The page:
WGU Doesn’t Owe $730 Million After All: What the Ruling Means for WGU and Online Learning
January 28, 2019
In 2017, Western Governors University (WGU) was slapped with a huge bill from the federal government. Two years later, WGU has been informed that it doesn’t owe $730 million after all. If WGU is no longer under pressure to pay back the funds, Secretary Betsy DeVos is likely to thank for the reprieve. But the WGU ruling also has broader implications for online learning nationwide.
The Back Story
WGU’s problems started back in 2017 when a federal audit found that close to 38,000 of WGU’s more than 60,000 students had completed one or more courses that didn’t meet federal standards in 2013-2014. The report also found that an estimated 69 courses that are required by WGU’s three largest programs were among the courses that did not meet federal standards. Having already received funding for these courses, the university was then asked to pay back more than $700 million dollars. At the time news broke about WGU’s woos, the Chronicle of Higher Education offered a terse assessment of the situation:
“In a traditional college, professors play a number of roles: developing the curriculum, teaching classes, evaluating students’ work, and mentoring students. Western Governors has disaggregated those roles such that the faculty member assessing students’ work and the faculty member mentoring a student could be two different people. The whole model is designed to provide lots of faculty interaction to a group of students who may need extra support to succeed in college.”
In other words, when the audit was conducted, WGU’s approach to higher education was considered problematic precisely because the auditor didn’t think it was innovative but just another version of correspondence education and according to a 1992 law, correspondence courses aren’t eligible for Title IV funds because they just don’t meet student-faculty contact hour benchmarks.
The DeVos Factor
If WGU didn’t appear content to sit back and accept the results of the federal audit, it likely had something to do with the timing. While the audit was initiated under President Obama’s administration, by the time the results arrived and they received their fine, President Trump has been sworn in and so had his Secretary of Education, Betsy DeVos. DeVos is an outspoken advocate of competency-based learning, personalized learning, and online learning of all kinds, and as predicted, her arrival ultimately proved to be good news for WGU.
While it is unclear if the WGU audit was a direct factor, in early 2019, DeVos told the nation’s educators and the accreditors who oversee educational institutions that she wants to change the rules of the game. Her announcement has important implications for WGU and for many other online programs schools, since the change effectively means that federal funds can now be applied to a wider range of postsecondary courses. DeVos is proposing to give accrediting agencies more flexibility in deciding which programs are legit and which ones are not. This includes courses that may not meet minimum benchmarks for instructor-student contact hours.
How the WGU Decisions Will Impact Other Online Programs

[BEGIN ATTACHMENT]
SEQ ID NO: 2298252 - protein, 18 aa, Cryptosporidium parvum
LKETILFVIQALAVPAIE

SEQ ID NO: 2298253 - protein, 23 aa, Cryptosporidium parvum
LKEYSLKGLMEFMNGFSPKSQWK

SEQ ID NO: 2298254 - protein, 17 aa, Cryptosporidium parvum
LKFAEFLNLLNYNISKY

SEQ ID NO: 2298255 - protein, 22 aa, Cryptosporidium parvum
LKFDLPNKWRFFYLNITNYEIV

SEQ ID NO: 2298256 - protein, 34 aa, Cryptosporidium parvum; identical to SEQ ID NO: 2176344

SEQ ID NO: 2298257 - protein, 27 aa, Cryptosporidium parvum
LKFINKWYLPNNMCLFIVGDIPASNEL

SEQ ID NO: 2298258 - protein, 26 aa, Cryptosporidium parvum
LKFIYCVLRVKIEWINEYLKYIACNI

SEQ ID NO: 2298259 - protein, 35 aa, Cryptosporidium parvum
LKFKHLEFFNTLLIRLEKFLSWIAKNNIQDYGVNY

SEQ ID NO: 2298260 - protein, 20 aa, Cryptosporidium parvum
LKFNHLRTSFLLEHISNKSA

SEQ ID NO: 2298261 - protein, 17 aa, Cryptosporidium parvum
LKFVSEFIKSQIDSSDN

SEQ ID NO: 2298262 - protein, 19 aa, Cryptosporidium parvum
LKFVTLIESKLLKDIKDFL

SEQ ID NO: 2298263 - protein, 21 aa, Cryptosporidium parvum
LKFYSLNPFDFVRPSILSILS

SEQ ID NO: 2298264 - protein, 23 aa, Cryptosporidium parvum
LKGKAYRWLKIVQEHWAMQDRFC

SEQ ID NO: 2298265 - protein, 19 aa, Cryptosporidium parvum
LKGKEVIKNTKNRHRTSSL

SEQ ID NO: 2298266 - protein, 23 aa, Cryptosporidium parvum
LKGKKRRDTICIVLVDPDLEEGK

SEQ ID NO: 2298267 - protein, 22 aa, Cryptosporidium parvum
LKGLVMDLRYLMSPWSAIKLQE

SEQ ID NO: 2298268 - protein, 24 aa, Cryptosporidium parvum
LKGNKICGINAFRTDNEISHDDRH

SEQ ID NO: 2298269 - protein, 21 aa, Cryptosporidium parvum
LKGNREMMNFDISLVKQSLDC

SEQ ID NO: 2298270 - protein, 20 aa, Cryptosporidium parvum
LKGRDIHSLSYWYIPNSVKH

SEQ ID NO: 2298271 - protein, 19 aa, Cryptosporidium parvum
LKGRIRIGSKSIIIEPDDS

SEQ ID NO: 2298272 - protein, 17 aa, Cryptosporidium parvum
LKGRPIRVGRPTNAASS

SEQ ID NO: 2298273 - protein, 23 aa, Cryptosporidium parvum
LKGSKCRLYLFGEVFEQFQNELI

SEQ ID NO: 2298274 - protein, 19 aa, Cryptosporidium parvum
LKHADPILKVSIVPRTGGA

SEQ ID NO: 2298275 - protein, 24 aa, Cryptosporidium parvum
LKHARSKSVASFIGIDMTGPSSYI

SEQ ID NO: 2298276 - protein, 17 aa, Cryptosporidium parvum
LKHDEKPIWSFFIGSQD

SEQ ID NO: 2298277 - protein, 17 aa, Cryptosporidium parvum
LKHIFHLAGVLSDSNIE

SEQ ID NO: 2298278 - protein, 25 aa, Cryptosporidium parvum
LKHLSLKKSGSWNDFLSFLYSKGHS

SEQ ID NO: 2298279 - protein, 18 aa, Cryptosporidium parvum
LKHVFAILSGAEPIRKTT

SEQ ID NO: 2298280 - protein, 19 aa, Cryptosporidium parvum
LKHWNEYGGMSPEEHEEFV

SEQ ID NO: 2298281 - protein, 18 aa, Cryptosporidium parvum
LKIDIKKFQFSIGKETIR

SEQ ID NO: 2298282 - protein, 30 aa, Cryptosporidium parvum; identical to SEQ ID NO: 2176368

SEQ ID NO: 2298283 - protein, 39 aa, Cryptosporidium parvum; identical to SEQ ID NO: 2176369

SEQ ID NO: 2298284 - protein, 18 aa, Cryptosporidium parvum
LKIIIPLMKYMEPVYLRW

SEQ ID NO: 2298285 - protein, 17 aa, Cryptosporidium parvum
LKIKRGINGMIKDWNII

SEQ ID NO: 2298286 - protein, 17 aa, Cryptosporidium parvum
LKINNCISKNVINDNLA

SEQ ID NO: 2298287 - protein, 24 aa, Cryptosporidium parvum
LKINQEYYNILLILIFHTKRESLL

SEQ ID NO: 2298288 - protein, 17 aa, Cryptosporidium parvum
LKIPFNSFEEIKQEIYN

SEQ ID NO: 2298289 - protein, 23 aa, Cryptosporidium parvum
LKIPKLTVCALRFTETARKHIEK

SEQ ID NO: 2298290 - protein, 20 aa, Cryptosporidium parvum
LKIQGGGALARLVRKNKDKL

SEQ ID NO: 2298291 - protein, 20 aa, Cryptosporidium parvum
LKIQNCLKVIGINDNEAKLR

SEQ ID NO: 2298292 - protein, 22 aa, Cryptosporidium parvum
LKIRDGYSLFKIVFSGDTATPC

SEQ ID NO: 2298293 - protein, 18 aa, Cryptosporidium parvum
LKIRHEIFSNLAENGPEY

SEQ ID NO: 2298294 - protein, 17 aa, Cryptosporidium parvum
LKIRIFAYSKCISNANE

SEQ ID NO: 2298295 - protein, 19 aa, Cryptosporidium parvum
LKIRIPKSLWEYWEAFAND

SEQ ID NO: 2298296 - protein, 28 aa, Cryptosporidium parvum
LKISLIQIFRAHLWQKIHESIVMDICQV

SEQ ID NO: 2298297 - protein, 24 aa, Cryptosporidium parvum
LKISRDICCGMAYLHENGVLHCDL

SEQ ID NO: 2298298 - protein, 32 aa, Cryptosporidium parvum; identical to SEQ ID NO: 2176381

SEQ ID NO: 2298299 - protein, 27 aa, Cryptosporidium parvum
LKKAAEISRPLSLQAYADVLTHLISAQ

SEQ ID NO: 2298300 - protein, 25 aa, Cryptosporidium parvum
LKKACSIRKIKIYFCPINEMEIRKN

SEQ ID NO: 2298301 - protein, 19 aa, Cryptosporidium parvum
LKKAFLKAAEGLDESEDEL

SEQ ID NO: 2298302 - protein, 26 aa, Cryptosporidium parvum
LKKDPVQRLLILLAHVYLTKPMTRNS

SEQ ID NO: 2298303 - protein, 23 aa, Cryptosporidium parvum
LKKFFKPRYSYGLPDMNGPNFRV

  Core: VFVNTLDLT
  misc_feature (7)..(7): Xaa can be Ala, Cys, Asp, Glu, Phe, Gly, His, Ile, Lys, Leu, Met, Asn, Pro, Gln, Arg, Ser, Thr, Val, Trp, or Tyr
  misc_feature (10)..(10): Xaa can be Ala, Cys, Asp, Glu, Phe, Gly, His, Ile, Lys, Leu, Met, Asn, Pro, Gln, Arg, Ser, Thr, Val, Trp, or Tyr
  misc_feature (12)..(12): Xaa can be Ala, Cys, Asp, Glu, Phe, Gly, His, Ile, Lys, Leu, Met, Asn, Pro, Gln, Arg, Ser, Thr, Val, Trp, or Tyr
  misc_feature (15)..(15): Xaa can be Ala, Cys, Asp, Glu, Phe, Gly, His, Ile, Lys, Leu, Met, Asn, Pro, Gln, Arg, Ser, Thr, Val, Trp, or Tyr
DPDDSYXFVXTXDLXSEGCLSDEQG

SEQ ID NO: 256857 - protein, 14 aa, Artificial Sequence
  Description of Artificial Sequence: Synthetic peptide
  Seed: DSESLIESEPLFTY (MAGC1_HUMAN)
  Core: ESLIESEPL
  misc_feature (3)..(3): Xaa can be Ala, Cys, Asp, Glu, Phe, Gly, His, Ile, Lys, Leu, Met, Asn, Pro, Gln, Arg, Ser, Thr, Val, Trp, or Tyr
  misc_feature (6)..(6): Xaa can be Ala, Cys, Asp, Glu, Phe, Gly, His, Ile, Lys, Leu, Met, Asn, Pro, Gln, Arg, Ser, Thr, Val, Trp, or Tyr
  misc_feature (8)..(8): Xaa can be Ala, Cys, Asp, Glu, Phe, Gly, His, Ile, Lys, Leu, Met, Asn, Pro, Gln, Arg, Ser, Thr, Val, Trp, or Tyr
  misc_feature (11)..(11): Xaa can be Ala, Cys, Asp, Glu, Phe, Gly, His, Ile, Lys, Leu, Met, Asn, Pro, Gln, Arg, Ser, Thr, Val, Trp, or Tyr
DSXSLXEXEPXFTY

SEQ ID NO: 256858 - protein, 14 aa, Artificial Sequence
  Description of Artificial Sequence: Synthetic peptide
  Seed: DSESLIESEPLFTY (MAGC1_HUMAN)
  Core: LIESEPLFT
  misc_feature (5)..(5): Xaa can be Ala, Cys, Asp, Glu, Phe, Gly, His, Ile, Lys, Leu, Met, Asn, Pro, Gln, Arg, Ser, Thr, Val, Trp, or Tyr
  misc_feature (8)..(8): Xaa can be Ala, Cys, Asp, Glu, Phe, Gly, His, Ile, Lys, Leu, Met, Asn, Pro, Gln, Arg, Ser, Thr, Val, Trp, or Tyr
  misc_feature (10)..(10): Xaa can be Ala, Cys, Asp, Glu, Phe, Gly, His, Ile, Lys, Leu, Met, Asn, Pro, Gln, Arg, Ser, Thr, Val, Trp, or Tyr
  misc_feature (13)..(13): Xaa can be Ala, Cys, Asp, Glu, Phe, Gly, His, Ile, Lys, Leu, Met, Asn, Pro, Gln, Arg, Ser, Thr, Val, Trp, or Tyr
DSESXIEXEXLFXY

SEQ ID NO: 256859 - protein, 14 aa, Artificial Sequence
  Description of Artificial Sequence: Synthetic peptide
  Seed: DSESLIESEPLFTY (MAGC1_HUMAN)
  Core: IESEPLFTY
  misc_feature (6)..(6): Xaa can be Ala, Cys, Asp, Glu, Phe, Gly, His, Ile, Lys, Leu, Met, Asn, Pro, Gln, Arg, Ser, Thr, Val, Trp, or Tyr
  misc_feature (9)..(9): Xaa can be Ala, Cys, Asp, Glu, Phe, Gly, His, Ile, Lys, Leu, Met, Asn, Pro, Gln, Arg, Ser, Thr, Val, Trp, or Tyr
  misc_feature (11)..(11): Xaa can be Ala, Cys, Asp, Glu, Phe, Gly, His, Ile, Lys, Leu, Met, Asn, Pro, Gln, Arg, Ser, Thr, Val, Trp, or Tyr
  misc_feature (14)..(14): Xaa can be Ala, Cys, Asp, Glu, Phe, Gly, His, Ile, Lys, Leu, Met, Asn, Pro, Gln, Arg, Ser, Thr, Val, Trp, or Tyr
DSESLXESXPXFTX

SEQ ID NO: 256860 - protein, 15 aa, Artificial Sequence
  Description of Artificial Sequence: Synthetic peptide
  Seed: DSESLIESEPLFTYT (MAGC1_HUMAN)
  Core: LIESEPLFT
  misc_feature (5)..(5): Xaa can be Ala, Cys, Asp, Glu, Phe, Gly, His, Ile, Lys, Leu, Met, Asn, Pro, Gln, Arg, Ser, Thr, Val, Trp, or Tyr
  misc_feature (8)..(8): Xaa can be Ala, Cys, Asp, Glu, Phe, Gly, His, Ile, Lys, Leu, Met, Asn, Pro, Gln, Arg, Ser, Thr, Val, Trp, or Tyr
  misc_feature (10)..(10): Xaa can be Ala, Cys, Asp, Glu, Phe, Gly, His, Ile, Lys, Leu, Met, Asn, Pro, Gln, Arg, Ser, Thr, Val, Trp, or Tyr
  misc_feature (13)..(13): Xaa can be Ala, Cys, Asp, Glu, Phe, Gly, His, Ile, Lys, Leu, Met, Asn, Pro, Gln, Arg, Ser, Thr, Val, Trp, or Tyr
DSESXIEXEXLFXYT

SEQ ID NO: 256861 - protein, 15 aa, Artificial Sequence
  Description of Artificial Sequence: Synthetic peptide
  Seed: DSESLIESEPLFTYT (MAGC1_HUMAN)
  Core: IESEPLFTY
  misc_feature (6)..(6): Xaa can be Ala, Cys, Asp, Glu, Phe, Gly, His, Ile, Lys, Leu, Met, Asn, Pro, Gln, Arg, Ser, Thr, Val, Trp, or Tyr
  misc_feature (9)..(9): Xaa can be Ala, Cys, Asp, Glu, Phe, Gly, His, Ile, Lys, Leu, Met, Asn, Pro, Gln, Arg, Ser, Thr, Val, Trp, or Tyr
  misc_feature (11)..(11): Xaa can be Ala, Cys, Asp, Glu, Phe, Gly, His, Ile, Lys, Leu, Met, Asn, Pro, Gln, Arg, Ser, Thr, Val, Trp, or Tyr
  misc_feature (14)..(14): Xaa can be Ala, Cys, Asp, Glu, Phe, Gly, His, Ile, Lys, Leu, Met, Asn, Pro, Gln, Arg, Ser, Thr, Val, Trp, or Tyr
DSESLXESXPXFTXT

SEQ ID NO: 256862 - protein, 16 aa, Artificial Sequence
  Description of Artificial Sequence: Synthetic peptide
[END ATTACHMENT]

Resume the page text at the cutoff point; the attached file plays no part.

On January 11, just four days after DeVos announced plans to change what counts as a course, WGU received a letter from the Office of Federal Student Aid indicating that due to “the ambiguity of the law and regulations and the lack of clear guidance available at the time of the audit period,” they would not be asked to pay back the $730 million in Title IV funds they had already received. According to Inside Higher Education, WGU will still have to pick up a small bill of $2,600 due to a minor infraction involving one student who withdrew before the cutoff date used to determine eligibility for federal funds.
For WGU, DeVos’s proposal to redefine what counts as course eligibility has already brought good news. The institution is no longer on the hook for $730 million and, moving forward, it can continue to radically disrupt what higher education looks like for thousands of students nationwide. But some observers still fear that the WGU ruling and DeVos’s proposed changes may be subject to abuse in the future.
On January 18, Robert Shireman, director of higher education excellence and senior fellow at The Century Foundation, published an article on The Century Foundation‘s website reflecting on the WGU ruling and how DeVos’s proposed shifts may impact higher education more broadly. As Shireman rightly notes, “WGU is not trying to scam anyone, and there are not throngs of former students claiming they were misled or provided an inadequate education.” But this doesn’t mean others won’t jump on the current ruling to support forms of higher education that may be subpar. In fact, according to Shireman, some institutions are already going just that.
“Sadly, some have exploited the audit’s penalty recommendation with calls to do away with the regular-and-substantive interaction requirement altogether,” explains Shireman. “In a new bill, Rep. Virginia Foxx, the chair of the House Education Committee, is proposing to allow unlimited federally funded creation and expansion of schools without teachers. Lobbyists say that the WGU situation shows that the law is preventing innovative computer-mediated learning. Their argument is unfounded, and following it would create a dangerous invitation to fraud and abuse.”
Shireman’s message is clear: Just as all brick-and-mortar schools aren’t the same, neither are all online schools. WGU’s model appears to be supporting students, making it a good candidate for federal funding, but this doesn’t mean that all online competency-based programs are producing the same outcomes. Shireman also cautions that as fully automated learning looms on the horizon, connecting funding to demonstrated learning outcomes will likely become even more important.
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